Saturday, May 24, 2014

Goodbye Kashkaval

It's hard to say goodbye to a restaurant that is a neighborhood institution which serves terrific food. It's especially hard to stomach (no pun intended) when the restaurant is being forced out for no good reason.

Today is Kashkaval's last day of service. They've been in Hell's Kitchen since the 90s, they're always busy, they were willing to work with the landlord to pay market rent, but they're still being kicked out. It makes no sense and it completely sucks for everyone who worked there and everyone who loved the place. 

Kashkaval is a unique place. The front of the establishment houses a take-out section, where you can buy, among other things, cheese, meat, and various Mediterranean tapas. In the back, there's a wine bar and restaurant, where you can get cheese plates, charcuterie, various tapas and dips and other appetizers, sandwiches, fondue, and other great Mediterranean dishes.

We didn't go to Kashkaval for many years after we moved in to the neighborhood, since it was always crowded (we hate waiting in line) and we figured it had been around forever and wasn't going anywhere. Now we wish we had gone much more regularly! The same thing happened with Le Madeleine, the beloved neighborhood French restaurant that was also forced out for no good reason. We're still a bit sad over that one too.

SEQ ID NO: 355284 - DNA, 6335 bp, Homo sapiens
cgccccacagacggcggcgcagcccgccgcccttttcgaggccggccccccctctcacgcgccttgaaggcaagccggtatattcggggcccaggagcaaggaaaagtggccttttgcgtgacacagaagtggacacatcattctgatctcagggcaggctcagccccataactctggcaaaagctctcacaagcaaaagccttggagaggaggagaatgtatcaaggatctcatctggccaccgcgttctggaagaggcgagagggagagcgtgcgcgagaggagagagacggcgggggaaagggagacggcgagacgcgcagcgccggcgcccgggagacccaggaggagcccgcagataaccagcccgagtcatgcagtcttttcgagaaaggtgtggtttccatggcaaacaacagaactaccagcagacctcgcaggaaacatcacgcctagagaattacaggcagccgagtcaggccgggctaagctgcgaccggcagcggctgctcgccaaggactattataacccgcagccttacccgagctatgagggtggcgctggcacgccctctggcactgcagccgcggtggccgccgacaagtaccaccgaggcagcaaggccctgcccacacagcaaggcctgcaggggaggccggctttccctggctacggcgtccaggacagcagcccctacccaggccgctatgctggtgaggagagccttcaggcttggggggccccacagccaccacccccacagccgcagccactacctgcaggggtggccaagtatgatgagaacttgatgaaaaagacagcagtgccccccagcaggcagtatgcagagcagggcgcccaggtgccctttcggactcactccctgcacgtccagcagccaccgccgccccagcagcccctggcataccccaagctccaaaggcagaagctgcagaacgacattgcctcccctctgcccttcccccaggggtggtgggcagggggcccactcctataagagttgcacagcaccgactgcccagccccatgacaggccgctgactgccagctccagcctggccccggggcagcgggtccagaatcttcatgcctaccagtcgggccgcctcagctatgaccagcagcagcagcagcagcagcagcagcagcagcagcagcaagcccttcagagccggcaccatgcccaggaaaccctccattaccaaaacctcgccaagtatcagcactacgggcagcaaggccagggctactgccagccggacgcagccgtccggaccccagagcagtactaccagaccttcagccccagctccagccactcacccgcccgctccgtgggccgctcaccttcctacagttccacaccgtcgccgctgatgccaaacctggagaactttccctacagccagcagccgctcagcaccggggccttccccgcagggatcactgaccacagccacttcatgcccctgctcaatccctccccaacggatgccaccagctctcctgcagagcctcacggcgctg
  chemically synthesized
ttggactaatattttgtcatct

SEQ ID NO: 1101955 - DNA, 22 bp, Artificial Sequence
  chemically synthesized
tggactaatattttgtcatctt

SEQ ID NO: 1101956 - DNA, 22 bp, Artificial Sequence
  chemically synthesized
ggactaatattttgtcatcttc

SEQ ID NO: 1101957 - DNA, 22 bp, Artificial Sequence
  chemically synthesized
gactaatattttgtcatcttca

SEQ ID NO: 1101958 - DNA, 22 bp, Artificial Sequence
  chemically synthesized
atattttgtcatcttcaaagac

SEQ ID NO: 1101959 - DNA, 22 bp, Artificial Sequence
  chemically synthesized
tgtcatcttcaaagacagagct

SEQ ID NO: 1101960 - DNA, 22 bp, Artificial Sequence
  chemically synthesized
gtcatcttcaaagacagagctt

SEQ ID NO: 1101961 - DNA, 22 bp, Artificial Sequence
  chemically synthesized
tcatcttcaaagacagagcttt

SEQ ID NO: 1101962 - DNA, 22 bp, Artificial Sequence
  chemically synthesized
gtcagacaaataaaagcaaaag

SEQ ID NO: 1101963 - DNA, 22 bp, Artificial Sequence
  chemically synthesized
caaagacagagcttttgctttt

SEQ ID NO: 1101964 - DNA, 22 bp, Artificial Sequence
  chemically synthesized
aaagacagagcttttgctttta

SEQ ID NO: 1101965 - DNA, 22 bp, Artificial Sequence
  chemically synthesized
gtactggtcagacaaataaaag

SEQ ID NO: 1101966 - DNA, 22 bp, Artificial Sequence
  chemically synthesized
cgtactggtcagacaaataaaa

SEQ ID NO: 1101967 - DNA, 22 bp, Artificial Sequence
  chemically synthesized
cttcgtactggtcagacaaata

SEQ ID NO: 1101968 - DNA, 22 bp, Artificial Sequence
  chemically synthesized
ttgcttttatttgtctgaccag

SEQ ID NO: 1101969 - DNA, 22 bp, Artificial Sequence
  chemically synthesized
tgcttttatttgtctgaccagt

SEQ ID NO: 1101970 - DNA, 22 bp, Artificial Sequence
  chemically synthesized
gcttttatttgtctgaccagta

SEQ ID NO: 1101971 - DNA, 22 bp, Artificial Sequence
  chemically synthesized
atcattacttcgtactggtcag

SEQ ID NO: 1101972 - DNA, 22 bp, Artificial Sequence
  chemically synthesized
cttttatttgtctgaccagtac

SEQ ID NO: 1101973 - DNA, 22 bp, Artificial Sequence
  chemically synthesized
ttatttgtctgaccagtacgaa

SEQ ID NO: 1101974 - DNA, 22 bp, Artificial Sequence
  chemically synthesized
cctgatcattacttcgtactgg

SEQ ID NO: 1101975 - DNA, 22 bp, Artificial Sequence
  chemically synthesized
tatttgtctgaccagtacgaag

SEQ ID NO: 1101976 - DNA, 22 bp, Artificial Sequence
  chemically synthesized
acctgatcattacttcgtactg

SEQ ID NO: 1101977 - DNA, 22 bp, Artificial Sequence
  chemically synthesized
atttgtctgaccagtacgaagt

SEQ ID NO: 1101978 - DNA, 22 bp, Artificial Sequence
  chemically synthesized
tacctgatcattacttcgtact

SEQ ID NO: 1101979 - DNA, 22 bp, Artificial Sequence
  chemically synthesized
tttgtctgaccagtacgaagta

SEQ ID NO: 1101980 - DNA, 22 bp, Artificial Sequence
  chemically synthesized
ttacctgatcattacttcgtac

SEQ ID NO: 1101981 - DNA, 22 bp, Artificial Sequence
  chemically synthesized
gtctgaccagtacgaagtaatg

We've somehow (we're so behind in posting, so probably not that surprising) never written about Kashkaval here, so to say goodbye, here's a look at some dishes we've really loved.

You can get sampler plates of chilled Mediterranean tapas, and that's probably one of our favorite things to do. They're the same tapas that you can get to go from the front section, and they're so healthy and tasty.

The plate above has eggplant caponata (baked eggplants, garlic, tomatoes), spinach and feta (Bulgarian feta, onions, garlic, olive oil), roasted brussels sprouts (vinegar, garlic, olive oil, herbs), and artichoke dip (artichokes, olive oil, lemon, herbs). (The parenthetical descriptions don't list everything, but it's what's on the menu.) The one below has tzatziki (cucumbers, yogurt labne, garlic, dill, mint), piyaz (white beans, scallions, parsley, dill, olive oil), roasted brussels sprouts (clearly we like brussels sprouts), eggplant tapenade (roasted eggplants, garlic, olive oil, spices), lentil salad (green lentils, parsley, onions, fresh herbs), and baked beets (fresh beets, garlic, dill vinaigrette).

The tapas come with a basket of whole wheat pita bread wedges for dipping. Considering the variety you can get with these plates, they could be a perfect appetizer to share or even a meal of their own. The pricing isn't too bad either: 4 items for $13, 5 for $16, and 6 for $19. Sure, you could probably make some of these for cheaper at home, but for this quality and variety, it's worth it.